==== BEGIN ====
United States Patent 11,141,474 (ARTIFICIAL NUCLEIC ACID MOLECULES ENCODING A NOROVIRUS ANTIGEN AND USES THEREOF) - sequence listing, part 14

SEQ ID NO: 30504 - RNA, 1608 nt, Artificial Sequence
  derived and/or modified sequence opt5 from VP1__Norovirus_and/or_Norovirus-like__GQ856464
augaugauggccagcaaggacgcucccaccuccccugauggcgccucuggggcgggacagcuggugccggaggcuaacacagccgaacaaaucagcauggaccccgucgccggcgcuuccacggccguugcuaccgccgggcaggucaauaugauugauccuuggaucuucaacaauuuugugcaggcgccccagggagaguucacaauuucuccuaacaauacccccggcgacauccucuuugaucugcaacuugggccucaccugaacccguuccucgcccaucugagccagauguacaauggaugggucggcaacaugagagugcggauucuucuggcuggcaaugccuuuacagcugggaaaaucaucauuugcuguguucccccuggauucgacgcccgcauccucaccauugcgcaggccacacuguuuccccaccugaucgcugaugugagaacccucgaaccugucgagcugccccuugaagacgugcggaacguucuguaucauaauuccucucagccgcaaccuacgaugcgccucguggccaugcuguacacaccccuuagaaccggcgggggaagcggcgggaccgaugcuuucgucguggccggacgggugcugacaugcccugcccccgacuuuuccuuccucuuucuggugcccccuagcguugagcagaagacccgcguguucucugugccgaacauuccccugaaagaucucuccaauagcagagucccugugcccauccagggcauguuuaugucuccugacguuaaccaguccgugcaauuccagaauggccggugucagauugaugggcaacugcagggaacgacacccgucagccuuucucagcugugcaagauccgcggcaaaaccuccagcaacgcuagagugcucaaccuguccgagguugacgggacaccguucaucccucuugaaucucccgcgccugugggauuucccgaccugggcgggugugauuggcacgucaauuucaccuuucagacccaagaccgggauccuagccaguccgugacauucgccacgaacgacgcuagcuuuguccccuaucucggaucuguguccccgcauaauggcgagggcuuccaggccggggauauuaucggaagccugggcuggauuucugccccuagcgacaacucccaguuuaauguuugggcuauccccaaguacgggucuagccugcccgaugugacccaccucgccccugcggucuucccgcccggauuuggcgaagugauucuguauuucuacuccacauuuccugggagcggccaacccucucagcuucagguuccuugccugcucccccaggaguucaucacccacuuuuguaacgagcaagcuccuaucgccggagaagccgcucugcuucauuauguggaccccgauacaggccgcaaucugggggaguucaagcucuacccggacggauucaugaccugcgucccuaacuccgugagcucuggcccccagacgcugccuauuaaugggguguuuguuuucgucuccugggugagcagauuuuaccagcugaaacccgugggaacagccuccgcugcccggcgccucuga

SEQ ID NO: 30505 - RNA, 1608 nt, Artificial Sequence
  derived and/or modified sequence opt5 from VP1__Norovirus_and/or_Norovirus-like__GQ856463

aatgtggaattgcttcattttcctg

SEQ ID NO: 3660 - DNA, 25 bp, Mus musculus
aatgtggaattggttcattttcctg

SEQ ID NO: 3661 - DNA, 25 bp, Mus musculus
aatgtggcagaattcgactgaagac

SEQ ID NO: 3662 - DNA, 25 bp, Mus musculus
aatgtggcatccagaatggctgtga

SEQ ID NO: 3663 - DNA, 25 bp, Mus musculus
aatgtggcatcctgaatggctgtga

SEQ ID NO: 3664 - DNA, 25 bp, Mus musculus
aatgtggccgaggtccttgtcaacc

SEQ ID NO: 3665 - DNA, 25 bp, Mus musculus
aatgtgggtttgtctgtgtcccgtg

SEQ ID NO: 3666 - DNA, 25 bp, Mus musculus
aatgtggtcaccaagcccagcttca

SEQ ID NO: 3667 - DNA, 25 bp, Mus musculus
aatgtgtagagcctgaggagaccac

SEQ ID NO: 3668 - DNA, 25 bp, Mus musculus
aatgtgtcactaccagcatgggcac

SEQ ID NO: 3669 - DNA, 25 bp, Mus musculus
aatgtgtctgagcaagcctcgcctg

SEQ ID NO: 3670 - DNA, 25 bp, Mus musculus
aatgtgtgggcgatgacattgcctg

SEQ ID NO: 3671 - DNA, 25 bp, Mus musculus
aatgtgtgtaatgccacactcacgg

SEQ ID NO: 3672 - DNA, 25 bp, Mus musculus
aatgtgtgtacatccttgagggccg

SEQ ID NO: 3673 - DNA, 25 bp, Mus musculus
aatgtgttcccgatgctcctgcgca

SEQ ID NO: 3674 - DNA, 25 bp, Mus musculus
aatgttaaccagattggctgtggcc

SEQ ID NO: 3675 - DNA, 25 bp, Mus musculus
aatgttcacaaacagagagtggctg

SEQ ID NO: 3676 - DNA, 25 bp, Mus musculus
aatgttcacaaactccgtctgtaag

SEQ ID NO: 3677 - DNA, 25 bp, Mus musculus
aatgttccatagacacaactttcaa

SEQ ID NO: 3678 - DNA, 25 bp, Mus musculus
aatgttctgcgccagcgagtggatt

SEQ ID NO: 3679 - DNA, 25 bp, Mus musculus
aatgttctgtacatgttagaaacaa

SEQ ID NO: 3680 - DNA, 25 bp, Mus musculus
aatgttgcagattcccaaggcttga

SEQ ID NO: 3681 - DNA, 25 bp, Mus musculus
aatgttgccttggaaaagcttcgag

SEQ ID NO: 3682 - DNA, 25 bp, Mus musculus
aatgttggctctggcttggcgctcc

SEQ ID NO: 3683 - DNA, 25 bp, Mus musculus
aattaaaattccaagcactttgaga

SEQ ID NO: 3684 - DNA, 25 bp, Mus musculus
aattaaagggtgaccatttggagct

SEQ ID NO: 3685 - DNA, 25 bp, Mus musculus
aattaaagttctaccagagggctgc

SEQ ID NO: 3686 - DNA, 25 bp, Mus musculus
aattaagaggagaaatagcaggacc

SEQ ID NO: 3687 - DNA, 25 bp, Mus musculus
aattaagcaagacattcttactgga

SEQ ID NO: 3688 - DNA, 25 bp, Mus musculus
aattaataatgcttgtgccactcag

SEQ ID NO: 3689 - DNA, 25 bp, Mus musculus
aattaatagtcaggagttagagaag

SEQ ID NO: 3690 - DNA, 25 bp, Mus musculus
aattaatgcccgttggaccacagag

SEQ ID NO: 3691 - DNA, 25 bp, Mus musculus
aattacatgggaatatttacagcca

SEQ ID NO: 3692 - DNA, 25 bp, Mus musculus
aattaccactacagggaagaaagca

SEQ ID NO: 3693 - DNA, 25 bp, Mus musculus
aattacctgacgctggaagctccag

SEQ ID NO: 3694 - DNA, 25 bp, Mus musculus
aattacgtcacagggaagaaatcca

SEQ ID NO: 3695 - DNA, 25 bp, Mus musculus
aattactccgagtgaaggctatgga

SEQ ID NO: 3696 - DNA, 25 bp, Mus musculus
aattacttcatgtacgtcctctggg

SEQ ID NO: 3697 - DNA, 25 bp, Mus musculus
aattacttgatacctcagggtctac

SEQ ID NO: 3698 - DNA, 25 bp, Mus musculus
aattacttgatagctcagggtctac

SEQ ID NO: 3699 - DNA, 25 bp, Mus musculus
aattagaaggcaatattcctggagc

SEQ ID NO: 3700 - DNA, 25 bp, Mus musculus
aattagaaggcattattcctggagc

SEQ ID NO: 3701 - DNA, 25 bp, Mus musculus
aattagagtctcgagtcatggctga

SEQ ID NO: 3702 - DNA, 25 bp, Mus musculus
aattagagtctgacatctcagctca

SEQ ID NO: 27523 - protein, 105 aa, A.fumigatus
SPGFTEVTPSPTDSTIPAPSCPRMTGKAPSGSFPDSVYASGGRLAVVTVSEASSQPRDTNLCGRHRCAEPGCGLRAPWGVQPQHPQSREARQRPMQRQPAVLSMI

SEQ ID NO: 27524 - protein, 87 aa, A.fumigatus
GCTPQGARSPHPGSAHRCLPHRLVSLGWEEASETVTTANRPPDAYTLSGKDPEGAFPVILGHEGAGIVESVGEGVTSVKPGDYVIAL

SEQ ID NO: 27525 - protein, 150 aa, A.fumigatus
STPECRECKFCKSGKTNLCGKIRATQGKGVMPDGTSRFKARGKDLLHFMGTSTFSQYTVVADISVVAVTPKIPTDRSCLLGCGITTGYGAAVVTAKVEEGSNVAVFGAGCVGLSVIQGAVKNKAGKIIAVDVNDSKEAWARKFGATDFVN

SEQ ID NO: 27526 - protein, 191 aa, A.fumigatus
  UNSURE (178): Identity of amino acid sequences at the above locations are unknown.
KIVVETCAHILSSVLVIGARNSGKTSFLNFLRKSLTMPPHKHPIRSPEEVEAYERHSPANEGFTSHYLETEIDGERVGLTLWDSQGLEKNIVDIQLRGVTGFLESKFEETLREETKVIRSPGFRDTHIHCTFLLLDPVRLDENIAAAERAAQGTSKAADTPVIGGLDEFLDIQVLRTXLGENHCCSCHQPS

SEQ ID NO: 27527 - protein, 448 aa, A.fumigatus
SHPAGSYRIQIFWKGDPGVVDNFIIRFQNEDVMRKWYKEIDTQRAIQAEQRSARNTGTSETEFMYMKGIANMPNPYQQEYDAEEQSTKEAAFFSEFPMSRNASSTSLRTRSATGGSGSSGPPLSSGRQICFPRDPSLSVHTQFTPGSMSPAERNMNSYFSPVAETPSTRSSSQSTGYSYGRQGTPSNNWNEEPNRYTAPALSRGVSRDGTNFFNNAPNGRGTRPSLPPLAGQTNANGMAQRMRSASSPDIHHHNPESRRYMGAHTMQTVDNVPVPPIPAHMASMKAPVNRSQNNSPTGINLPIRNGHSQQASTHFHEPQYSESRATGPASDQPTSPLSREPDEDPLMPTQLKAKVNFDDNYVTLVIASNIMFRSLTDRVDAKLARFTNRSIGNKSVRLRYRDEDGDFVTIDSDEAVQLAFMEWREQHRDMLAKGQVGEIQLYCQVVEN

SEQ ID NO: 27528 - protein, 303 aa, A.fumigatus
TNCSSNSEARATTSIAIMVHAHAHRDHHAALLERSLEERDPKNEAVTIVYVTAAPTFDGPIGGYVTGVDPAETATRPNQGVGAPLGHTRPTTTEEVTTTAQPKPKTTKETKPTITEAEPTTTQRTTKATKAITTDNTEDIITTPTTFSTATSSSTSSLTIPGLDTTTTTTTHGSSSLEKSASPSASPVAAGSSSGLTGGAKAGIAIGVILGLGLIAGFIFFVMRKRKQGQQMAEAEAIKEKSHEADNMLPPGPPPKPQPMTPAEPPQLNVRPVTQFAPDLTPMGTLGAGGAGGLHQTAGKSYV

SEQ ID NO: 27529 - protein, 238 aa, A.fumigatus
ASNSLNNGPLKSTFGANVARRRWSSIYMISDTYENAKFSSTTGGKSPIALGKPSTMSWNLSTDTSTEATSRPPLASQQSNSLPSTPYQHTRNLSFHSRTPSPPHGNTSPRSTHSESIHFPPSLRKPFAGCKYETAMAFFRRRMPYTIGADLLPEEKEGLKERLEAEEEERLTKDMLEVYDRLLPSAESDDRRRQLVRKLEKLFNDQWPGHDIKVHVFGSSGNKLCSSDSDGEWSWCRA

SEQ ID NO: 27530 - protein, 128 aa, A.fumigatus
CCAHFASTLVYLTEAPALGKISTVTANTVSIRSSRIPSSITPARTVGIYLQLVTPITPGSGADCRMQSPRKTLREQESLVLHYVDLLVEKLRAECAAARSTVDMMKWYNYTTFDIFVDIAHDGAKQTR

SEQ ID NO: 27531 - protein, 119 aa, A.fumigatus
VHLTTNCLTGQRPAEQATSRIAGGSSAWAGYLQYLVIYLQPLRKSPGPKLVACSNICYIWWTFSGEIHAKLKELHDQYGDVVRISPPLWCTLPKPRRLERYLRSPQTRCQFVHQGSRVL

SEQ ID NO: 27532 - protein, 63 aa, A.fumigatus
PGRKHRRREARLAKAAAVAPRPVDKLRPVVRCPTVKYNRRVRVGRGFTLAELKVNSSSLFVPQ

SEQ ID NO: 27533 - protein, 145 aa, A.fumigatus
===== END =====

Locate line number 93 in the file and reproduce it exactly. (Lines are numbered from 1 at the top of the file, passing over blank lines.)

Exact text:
aattagagtctgacatctcagctca